Taco John’s

 Taco John

Taco John’s is poised to expand its geographic footprint in the next few years

with the right franchisees alongside it.

By Bianca Herron

Taco John’s International Inc. has been unapologetic about using real ingredients, not taking shortcuts and doing things a little differently since the first taco stand opened 47 years ago.

In 1969, Harold Holmes and James Woodson purchased the franchise rights and named the restaurant after John Turner, who opened the first store in Cheyenne, Wyo. With its bold spices and made to order tacos, it was an instant hit.

“The rest is history,” President Jim Creel says. “Taco John’s restaurants began popping up across the Midwest, evolving to include drive-thrus, interior seating and bold originals like Potato Olés® and Nachos Navidad®. We even coined the original Taco Tuesday® value day, dedicated to big flavor for a small price.”Taco John Fact Box

According to Creel - who joined the company in 2000 and has led the restaurant chain’s technology, supply chain, and financial strategies during his tenure - Taco John’s has always served fast Mexican food in an original way. Some of the company’s best-selling products include Meat & Potato Burritos and Potato Olés®.

“We created one of the first breakfast burritos,” Creel says. “Recently we launched a new breakfast item, the chicken and gravy breakfast burrito. Breakfast is a core part of our business.”

Standing Out

Unlike every other quick-service restaurant (QSR) category, the Mexican QSR category only has one national competitor. It’s Taco John’s history, notes Creel, which makes them unique from their lone competitor. “We offer a legacy brand with nearly 50 years of success in a fast growing category, with available territory, unique menu items and fanatical customers,” he says.

“In addition, new franchisees find that guests instantly connect with Taco John’s attitude and flavor,” Creel continues. “Our flavors are bold, fresh and served with a twist, fusing comfort food with authentic Mexican fare in a unique way.”

All of the company’s efforts are centered around a vision of unit growth and building relevance in order to maintain Taco John’s appeal to key, profitable audiences, especially millennials. “In our brand research, we identified the fact that our long-term core customers tend to have lower incomes, live in rural areas and are older (35+) than average QSR guests,” says Creel. “The brand has sought to gain ground with younger, more affluent customers to increase sales and franchise value. The recent rebranding efforts have shown to be effective in gaining traction with the targeted demographics of new customers.”

Seeing Growth

Despite the current climate of challenging local economic issues, such as low unemployment and lowered energy prices, Taco John’s is poised to add 10 new units by the end of this year, bringing the total number of locations to 390.  “That’s in addition to the 20 other sites expected to open in 2017, which will take us well over 400 units,” Creel says. “The brand has also signed several area development agreements with commitments for over 50 new units to be developed in the coming years. Future development commitments for locations across the U.S. include New York, Tennessee, Nebraska, Minnesota, Colorado and Idaho.”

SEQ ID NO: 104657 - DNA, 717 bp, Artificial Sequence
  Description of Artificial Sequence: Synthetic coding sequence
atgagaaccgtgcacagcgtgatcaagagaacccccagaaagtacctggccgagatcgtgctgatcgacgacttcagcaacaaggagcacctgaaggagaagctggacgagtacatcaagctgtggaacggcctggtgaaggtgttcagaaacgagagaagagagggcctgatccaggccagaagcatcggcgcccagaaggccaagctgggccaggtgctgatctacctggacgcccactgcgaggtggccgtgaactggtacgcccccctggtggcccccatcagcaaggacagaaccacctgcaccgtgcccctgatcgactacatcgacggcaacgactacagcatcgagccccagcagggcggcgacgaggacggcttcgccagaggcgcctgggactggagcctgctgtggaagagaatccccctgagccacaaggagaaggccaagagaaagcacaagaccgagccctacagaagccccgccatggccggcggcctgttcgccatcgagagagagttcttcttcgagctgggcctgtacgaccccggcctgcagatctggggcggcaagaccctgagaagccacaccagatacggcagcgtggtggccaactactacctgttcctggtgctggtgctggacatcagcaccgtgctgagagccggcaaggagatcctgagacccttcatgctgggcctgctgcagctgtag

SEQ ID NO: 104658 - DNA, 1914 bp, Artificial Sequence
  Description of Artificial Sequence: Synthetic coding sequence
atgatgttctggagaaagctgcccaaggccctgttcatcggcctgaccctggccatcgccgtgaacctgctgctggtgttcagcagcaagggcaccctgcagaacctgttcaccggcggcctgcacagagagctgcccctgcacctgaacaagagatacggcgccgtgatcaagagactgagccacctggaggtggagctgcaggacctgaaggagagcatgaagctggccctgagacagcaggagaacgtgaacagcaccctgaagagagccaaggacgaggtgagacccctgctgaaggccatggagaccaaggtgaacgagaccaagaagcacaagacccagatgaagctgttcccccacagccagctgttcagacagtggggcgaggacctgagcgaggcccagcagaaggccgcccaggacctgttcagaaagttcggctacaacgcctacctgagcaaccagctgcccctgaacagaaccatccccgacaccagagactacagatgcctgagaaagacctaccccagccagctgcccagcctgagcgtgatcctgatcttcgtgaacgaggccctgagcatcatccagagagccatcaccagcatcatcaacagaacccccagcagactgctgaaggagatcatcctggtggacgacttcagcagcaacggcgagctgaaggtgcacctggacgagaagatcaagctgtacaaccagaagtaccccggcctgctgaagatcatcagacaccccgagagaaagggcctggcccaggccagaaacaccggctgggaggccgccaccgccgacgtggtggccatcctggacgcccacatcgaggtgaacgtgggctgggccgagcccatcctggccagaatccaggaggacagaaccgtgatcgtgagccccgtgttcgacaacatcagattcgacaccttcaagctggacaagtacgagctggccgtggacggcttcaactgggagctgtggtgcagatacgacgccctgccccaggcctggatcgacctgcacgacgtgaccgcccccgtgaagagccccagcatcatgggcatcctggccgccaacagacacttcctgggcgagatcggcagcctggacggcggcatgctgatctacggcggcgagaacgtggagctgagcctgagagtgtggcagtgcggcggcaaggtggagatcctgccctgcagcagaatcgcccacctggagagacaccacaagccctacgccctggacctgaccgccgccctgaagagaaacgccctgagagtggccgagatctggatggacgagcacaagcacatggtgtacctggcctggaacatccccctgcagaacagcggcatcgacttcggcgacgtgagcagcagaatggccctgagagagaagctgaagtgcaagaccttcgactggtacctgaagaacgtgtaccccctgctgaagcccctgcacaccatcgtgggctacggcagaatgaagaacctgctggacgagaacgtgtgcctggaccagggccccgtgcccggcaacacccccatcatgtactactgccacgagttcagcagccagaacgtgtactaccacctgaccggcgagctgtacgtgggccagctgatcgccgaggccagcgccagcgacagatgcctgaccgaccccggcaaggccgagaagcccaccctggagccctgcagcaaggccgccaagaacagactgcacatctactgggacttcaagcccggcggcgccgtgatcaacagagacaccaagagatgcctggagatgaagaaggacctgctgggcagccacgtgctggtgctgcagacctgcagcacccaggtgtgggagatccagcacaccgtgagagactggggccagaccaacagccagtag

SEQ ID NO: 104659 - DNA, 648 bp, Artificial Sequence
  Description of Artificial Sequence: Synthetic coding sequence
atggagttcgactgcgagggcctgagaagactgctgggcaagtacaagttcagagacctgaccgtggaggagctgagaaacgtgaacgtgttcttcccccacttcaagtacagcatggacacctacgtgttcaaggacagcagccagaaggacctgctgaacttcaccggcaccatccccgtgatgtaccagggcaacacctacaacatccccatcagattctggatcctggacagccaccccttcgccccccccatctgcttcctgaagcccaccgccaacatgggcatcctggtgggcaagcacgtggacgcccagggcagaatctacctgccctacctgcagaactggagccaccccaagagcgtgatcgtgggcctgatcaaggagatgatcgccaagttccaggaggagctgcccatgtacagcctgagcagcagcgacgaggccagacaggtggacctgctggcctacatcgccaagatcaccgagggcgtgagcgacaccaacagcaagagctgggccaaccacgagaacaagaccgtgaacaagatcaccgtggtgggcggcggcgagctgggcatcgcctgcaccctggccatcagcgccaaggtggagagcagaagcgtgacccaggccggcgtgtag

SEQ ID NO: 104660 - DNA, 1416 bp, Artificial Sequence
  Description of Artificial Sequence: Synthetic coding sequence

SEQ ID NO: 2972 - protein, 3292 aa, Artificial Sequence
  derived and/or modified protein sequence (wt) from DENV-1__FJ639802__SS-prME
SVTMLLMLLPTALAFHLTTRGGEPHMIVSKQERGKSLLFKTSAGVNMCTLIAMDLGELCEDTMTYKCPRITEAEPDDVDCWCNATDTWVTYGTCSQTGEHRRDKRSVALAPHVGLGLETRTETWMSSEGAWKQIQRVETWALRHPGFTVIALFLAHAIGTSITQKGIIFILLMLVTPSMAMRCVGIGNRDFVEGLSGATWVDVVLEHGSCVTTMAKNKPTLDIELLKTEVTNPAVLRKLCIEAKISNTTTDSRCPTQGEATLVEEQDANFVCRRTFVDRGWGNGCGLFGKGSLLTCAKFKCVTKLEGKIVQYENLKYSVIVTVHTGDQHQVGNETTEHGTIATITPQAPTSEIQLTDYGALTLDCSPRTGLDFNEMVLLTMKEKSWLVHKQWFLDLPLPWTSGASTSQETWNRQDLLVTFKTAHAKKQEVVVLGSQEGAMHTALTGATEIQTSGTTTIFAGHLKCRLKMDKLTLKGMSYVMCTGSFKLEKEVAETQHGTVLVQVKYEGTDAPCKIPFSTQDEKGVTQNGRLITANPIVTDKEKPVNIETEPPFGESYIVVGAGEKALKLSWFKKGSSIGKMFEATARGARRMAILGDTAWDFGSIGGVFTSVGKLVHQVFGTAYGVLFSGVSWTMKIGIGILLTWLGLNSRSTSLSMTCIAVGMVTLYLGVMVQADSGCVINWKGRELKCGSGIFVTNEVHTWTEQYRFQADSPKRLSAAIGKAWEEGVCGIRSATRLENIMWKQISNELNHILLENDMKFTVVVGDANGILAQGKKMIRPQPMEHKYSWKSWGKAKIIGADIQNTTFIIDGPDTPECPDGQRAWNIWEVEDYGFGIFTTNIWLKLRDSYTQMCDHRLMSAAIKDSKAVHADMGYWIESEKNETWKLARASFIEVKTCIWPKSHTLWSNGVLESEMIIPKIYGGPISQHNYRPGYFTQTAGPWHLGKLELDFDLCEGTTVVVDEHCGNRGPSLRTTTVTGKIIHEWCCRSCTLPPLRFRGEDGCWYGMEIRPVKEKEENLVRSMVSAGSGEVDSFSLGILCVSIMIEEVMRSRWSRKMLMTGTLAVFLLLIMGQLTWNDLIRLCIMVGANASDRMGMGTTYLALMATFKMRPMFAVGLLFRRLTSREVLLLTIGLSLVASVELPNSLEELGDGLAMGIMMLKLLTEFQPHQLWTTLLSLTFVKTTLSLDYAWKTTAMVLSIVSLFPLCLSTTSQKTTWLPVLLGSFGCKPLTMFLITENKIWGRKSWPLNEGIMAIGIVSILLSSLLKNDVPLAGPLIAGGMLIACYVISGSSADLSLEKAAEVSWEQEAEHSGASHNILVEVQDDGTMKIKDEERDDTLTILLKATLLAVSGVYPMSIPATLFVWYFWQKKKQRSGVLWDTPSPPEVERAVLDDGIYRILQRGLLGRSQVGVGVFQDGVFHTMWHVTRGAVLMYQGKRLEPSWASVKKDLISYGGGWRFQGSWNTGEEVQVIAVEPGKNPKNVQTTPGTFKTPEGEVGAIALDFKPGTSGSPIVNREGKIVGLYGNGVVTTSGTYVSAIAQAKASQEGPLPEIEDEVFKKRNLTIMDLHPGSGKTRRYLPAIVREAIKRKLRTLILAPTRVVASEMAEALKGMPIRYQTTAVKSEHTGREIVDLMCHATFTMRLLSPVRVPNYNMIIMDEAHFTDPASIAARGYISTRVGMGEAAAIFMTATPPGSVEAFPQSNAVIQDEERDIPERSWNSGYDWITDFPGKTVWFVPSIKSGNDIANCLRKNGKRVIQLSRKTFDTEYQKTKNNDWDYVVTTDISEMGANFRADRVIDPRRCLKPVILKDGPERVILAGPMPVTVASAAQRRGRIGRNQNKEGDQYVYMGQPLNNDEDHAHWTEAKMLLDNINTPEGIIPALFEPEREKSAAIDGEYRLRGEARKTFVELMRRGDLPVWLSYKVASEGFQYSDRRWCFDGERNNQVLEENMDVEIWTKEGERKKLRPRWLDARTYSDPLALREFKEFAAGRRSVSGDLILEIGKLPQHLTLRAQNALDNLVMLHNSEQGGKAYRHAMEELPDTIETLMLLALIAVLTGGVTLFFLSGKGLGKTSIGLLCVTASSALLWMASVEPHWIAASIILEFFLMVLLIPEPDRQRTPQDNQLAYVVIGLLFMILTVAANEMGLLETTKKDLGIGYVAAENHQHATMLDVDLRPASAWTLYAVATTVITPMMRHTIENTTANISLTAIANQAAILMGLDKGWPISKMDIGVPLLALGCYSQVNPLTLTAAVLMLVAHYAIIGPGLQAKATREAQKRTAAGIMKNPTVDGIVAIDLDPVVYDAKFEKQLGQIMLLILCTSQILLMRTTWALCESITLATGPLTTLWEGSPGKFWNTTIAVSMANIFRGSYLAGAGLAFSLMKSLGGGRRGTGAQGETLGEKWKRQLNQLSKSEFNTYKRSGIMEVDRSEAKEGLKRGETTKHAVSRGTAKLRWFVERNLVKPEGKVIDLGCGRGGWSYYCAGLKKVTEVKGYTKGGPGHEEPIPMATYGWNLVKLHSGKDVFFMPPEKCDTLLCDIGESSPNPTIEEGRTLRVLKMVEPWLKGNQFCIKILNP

From a prospect development perspective, Creel added Taco John’s has seen an evolution in the sales process and the way prospective franchisees review a franchise opportunity. 

“Prospects now want complete self-guided due diligence before directly contacting the brand,” he explained. “We have a robust franchise solicitation section on our website. We provide candidates with a significant amount of information so they can review the opportunity on their timeline. Our prospects are more knowledgeable and they have an expectation of transparency. We meet that expectation by providing our Item 19 Financial Performance Review and other detailed cost data right on our site.”

Taco John’s offers extensive support to its franchisees, including meetings with team members who are very experienced in restaurant openings, operations, construction and the Taco John’s approach. “The team includes a coach who is completely dedicated to helping new Taco John’s owners set up their restaurant and quickly navigate our systems and vendor relationships to get the help they need,” Creel explains. “We also provide detailed demographic information to franchisees and traffic studies for locations they submit to us for approval.”

In addition, Taco John’s sees its commitment to quality as the key to growth. “The guest of the future is quickly moving away from low-cost and low-quality fast food,” Creel says. “We’ve been focused on elevating the quality our food beyond our competitors through new innovation and adding fresh, made-to-order items, like street tacos, to our core menu.”


Community Engagement

In 1995, Taco John’s International created TJ® Gives, a program designed to connect contributions to worthy causes around the community and across the country. Since its establishment, the chain’s “hyper-local” tradition of giving has collectively raised millions of dollars for hundreds of different organizations and causes.

“This past year, almost 200 Taco John’s restaurants donated to nearly 65 different causes,” Creel says. “Annually, the brand connects seasonal sales of Nachos Navidad® to fundraising for local charities across the footprint. We believe the owners of local Taco John’s restaurants are in the best position to decide which charities have the greatest impact in their communities. That’s why the brand takes a “hyper-local” approach to philanthropy.”


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